A Quebec film in the official selection

Far Far Est tells the story of a road trip made in Quebec and on the American East Coast during a spring break where skiing, surfing and humor burst the screen. It’s also a dream come true for the co-producer Zacharie Turgeon whose film will also be presented as part of the Banff Mountain Film Festival’s Quebec World Tour from January 20-31, 2021.

Q – Bravo Zacharie! Very few films from Quebec make it to the Official Selection of the prestigious Banff Mountain Film Festival! Can you describe the pride you felt when you heard the news?

R – I couldn’t handle myself anymore! Sweaty hands, limp legs, knotted stomach, wheezing, I went through all the symptoms of intense surprise when I opened the festival announcement email. It’s a great sense of pride to realize one of one’s dreams as a kid. It sets the bar high for the next project!

Q – Do you remember the first time you dreamed of having one of your films in the festival?

R – Olivier, Charles-Antoine and me, We’ve been making videos of our crazy things since we were young. It’s hard to pinpoint the first time the idea came to us. But every time we came out of the Festival tour performance in our hometown of Gatineau, it was the only thing we could think of.

Q – How did you get the original idea for the film?

R – Charles-Antoine and I live together in Quebec City. Once in a while, we get the urge and start throwing ideas around over a beer. Far Far Est was the combination of several ideas that were lying around in our notebooks, but which had never been concretized.

It’s been many years since we left behind the dreams of becoming professional athletes, but we always told ourselves that doesn’t mean our adventures aren’t worth telling. We wanted to create a film that would show our definition of a good adventure. We also made a promise to ourselves to never take ourselves too seriously.

All three of us being students, we know how mythical spring break is for everyone. In Quebec, it often takes the form of a warm week lounging on southern beaches with an alcoholic beverage in hand. We spent 10 days in a non-insulated van in sub-zero temperatures trying to stay warm between our skiing and surfing sessions. Mixing that in with some gags and metaphors that were a little (too) intense, we figured it would probably make several people laugh! 

Q – Are there any films that have inspired you in particular? What were the biggest challenges of this film? 

R – I have always said openly that I “fly like an artist” (from the book Steal Like an Artist de Austin Kleon). I draw from many styles to build my own. The directors I admire have a huge impact on my approach to creation: people like Trevor Gordon ou Alec Pronovost who manage to build original stories without ever taking themselves too seriously.

The big challenge was to trust my ideas. In the world of adventure films, I find that the emphasis is often on the intensity of the adventure, the level of risk and the pushing of human limits. We wanted to prove to ourselves and to others that telling an original and slightly more marginal story was just as valuable. When I saw people’s reaction to the film, it reminded me that sometimes you have to be stubborn and go forward with your ideas, no matter how silly they may seem.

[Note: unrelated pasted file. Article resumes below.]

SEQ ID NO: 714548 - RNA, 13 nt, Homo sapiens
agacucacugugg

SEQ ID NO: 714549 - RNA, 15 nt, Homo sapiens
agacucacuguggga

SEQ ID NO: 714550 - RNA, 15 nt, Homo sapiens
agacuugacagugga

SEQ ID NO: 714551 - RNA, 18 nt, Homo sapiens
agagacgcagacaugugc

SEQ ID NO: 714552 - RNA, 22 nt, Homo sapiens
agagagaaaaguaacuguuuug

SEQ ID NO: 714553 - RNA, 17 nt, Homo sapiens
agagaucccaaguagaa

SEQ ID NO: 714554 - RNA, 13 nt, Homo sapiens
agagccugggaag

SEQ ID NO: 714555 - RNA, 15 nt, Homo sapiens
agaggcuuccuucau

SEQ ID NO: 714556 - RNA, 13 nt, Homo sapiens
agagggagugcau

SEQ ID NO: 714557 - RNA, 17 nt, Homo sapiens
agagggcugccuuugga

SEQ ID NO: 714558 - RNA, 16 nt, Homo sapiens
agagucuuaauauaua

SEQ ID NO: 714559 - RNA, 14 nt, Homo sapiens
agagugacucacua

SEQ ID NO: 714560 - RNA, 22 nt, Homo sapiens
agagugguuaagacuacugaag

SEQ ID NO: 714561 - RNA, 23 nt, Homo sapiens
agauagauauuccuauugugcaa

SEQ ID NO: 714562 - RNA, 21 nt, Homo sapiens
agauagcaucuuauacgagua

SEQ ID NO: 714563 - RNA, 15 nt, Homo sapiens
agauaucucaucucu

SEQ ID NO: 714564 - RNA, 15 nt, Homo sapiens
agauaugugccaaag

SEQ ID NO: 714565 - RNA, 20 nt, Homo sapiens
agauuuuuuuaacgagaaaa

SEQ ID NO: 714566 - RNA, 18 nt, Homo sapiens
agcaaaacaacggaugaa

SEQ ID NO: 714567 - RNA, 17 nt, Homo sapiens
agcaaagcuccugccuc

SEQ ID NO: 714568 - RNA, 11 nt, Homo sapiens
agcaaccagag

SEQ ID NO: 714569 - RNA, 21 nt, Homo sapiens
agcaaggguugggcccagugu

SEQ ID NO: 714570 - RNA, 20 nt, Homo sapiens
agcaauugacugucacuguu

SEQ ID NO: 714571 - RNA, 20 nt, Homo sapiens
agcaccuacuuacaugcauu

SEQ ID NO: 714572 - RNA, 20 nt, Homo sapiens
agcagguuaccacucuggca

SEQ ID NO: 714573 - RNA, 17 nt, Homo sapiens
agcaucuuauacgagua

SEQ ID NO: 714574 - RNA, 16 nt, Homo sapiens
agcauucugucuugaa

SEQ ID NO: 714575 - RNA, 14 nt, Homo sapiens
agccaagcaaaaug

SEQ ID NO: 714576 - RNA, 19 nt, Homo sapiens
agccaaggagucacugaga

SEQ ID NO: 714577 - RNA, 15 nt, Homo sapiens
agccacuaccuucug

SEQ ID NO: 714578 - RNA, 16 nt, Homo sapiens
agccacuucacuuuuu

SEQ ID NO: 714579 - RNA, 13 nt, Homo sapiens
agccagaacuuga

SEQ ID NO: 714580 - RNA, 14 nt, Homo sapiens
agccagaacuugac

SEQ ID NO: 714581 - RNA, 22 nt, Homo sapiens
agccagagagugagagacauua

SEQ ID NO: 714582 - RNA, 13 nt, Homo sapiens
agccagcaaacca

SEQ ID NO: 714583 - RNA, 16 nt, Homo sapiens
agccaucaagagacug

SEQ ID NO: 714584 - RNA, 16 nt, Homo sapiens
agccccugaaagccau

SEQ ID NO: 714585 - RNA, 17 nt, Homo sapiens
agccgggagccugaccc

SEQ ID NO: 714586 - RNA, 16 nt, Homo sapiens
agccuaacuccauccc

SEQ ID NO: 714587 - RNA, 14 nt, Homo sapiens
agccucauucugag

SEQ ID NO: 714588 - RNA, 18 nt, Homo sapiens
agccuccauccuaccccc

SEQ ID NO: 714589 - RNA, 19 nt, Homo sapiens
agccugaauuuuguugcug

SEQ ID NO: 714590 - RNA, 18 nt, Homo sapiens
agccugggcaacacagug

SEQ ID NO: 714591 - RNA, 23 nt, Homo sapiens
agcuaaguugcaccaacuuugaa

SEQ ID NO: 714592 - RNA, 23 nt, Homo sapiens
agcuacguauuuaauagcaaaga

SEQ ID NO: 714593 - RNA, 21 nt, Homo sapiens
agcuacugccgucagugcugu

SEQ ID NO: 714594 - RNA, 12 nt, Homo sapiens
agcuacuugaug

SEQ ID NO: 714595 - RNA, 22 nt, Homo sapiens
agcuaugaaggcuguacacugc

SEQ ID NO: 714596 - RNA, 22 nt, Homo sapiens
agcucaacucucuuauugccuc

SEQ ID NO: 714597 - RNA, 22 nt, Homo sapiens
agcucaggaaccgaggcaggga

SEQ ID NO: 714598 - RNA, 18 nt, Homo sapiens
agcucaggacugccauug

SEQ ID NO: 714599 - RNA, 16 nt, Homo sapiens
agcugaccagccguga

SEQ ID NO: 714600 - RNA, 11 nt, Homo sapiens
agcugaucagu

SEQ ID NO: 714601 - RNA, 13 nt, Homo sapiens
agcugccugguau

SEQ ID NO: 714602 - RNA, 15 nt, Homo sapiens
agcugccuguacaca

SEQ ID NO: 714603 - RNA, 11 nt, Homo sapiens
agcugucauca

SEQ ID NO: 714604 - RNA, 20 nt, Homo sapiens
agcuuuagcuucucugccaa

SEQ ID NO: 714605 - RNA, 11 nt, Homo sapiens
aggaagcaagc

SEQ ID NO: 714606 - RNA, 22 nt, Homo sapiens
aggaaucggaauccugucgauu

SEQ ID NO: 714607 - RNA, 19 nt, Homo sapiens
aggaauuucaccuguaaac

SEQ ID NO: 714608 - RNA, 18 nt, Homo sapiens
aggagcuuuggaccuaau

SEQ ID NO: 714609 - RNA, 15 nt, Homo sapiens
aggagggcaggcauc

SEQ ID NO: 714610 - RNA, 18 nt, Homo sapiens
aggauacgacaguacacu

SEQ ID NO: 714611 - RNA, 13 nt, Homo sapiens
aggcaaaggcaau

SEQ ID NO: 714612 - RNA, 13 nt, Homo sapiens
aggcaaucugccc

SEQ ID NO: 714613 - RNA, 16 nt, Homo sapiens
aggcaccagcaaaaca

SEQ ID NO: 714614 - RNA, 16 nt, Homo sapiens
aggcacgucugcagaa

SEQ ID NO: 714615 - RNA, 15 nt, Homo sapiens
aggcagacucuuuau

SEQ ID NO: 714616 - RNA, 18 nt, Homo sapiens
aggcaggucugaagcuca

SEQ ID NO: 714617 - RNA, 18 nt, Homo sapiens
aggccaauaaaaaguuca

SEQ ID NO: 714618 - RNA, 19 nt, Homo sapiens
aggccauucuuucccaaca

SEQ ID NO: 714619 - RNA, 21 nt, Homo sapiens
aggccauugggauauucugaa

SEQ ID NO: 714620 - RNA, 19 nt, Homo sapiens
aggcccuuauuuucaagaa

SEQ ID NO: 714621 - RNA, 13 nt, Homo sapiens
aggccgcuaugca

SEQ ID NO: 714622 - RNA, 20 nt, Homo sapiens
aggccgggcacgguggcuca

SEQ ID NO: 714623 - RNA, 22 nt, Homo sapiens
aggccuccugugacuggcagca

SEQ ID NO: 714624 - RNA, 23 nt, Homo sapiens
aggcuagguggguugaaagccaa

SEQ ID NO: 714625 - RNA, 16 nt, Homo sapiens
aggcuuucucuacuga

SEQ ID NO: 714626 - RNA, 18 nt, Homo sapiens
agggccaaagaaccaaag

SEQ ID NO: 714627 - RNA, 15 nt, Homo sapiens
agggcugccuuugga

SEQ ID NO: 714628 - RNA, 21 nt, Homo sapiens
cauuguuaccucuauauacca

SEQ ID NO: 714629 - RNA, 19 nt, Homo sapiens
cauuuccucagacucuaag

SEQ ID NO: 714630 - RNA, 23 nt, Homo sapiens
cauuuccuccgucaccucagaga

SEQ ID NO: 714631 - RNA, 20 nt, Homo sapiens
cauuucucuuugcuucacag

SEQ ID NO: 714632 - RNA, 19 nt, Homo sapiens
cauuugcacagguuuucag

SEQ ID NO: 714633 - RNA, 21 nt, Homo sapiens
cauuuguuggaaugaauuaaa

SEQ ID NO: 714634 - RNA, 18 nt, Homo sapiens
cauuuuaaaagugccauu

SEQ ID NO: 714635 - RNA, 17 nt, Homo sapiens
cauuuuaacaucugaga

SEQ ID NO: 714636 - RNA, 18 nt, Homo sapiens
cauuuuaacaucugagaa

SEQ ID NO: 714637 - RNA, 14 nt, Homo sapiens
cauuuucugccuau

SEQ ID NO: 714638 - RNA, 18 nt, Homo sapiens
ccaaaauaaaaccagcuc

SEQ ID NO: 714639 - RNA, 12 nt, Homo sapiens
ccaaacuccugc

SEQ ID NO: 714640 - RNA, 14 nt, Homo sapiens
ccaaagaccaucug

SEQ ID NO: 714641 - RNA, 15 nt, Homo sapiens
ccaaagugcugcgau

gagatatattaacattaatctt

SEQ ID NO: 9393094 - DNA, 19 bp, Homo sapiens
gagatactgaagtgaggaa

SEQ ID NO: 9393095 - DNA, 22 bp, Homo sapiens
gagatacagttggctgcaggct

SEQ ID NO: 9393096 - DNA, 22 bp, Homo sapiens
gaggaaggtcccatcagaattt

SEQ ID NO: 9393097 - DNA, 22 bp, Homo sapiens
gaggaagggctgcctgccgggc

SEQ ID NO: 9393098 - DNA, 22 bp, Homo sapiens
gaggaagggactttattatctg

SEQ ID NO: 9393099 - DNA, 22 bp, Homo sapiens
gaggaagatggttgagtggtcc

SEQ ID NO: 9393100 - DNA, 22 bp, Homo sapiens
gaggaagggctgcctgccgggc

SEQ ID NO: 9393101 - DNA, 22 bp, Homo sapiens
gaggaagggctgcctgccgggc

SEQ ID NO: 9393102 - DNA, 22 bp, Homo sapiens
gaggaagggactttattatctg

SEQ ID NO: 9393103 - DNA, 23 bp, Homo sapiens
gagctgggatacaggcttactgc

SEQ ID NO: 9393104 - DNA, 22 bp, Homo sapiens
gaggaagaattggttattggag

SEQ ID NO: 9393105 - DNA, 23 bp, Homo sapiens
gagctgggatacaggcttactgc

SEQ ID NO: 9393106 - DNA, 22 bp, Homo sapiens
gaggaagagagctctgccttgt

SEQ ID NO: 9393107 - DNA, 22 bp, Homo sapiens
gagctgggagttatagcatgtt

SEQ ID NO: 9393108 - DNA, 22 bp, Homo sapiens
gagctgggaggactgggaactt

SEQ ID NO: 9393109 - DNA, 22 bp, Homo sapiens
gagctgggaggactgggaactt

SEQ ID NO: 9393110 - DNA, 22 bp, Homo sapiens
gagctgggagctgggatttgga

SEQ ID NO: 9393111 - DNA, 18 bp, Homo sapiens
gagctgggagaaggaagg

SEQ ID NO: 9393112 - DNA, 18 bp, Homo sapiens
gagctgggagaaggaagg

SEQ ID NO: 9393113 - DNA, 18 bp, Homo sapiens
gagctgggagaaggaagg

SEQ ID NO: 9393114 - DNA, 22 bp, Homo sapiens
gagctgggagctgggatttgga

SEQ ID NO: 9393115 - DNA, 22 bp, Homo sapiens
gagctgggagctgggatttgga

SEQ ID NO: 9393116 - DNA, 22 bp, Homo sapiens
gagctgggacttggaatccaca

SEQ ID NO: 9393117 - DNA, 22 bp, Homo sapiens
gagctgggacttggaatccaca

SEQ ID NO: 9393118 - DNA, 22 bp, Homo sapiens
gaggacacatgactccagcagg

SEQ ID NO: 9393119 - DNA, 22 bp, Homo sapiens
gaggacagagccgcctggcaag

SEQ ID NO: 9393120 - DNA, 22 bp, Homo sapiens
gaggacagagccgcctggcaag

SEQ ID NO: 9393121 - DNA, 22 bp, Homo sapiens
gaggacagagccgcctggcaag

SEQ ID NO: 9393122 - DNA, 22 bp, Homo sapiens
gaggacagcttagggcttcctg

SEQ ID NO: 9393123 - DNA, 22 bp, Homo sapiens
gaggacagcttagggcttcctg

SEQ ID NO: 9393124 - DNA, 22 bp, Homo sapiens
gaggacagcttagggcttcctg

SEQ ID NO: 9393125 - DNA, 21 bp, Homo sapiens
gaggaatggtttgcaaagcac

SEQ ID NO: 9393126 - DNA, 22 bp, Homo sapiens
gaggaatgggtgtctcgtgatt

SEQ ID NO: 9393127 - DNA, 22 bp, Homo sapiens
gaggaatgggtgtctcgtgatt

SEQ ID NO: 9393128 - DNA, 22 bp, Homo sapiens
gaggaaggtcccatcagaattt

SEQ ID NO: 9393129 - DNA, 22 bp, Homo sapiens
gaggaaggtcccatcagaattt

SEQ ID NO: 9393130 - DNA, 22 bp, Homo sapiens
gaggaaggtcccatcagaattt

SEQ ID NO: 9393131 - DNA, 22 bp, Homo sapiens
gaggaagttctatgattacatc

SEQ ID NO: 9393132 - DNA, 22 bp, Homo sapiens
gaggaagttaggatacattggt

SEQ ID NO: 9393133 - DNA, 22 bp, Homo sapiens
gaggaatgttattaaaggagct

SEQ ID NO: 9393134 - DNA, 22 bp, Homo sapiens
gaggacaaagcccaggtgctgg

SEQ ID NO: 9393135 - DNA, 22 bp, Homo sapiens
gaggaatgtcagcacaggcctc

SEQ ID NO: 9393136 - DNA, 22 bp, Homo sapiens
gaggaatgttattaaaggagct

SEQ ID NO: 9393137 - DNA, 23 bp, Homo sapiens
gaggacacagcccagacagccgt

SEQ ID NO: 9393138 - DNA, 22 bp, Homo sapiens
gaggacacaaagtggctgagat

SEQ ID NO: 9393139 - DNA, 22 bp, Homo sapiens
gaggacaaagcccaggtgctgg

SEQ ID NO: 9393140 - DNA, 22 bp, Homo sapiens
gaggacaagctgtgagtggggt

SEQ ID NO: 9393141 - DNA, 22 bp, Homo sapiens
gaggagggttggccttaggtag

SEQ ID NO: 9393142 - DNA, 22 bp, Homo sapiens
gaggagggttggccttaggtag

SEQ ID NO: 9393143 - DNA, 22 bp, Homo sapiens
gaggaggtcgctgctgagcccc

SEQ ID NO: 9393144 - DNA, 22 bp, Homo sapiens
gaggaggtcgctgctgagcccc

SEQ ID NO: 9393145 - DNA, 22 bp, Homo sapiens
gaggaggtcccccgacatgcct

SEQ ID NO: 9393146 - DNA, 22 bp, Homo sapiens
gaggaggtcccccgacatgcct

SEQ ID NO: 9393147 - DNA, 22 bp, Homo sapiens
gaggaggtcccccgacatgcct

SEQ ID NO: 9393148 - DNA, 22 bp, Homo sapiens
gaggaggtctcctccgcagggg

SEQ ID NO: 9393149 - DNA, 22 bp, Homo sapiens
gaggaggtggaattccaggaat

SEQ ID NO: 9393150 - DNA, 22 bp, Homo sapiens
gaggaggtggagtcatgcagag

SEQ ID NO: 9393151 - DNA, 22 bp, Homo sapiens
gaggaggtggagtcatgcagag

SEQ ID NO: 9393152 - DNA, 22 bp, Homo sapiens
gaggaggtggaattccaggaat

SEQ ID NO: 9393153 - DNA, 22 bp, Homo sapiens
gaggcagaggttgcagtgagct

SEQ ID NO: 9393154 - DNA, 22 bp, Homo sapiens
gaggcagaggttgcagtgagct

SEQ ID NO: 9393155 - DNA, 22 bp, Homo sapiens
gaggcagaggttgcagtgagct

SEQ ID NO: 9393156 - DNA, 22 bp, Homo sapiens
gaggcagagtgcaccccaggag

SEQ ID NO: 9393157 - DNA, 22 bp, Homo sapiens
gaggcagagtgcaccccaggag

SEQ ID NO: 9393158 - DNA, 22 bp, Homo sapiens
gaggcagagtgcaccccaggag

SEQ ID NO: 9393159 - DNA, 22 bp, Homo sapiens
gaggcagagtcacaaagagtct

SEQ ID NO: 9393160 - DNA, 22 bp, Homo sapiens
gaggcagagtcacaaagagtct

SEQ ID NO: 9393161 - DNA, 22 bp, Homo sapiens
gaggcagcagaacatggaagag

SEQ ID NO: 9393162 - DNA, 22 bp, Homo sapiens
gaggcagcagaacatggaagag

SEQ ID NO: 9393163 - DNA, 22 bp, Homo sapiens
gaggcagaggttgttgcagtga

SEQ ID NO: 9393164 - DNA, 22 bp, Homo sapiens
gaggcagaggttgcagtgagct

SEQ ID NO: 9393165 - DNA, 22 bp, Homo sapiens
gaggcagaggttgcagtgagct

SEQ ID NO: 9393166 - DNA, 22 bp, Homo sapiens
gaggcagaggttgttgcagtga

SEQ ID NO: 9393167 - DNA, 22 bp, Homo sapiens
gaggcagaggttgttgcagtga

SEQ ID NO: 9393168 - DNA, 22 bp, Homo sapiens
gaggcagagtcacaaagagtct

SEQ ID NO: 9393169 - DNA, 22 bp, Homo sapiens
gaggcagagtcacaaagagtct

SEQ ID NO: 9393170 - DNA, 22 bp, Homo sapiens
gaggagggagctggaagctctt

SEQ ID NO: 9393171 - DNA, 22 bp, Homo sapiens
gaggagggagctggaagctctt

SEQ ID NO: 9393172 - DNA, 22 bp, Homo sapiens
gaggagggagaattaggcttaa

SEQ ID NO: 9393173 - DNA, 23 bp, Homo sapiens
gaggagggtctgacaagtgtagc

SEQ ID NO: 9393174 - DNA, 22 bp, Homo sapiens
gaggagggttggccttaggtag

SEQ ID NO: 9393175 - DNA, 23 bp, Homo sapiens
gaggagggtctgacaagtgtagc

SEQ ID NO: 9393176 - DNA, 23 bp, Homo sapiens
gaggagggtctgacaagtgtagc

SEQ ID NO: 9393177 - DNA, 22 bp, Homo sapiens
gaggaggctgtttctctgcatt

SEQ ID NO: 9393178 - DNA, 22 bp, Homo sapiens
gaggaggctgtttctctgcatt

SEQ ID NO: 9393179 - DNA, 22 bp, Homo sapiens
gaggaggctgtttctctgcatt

Q – Making a film is a team effort. How did it go between you?

R – I am very privileged to be able to do projects like Far Far Est with my two childhood friends. Charles-Antoine and Olivier know that I can be intense when we’re shooting, but the fact that we’ve been around each other for so long has allowed us to be transparent from the start. With limited time and resources, we had to be very efficient. We know when it’s time to push each other and when to let go. A little friction between us sometimes leads to better ideas.

Writing and producing the film with Charles-Antoine was a good headache to build. We also received precious help from friends who believed in our project. I’m thinking of Dominic Faucher, Raphael Desharnais, William Lamoureux and many others. This allowed us to take the project further. 

Q – CHow did your filming go, both in Quebec and on the American East Coast? Any memorable anecdotes?

R – This is definitely the kind of trip we will tell our grandchildren about in 50 years! We were searched by an insistent customs officer, woken up by the police in the middle of the night and froze our fingertips a few too many times…

Our biggest day of shooting was at Mount Washington, a mountain for which the approach is nearly 5 km with 750 m of positive elevation gain. We got up at 5 am, no time for a coffee, and started to climb. After having dragged of misery my bag of camera and my tripod until the base of Tuckerman Ravine, I realize that I left my batteries of camera in the parking lot! At the same time, the sky clears and the sun begins to shine on the corridors. For those of you who know the place, days like this only happen a handful of times in a season. I went down the uphill run with my skins tucked into my ski pants. The climb back up to the bowl was painful, but the footage I shot that day was priceless. Thanks to my years of competitive cross country skiing for the cardio!

Q – If you were on stage in front of a Quebec audience, what would you say to the people in the room?

R – It probably sounds like something cute and really cliché! Like never shutting up the little kid in you and never stopping to play outside. The value of an adventure is not measured by how high you reach, but rather how much fun you have! And we would also tell them not to take us too seriously.

The film Far Far Est, directed by Zacharie Turgeon in collaboration with Charles-Antoine Beaudry, was part of the Official Selection of the 45th Banff Mountain Film Festival.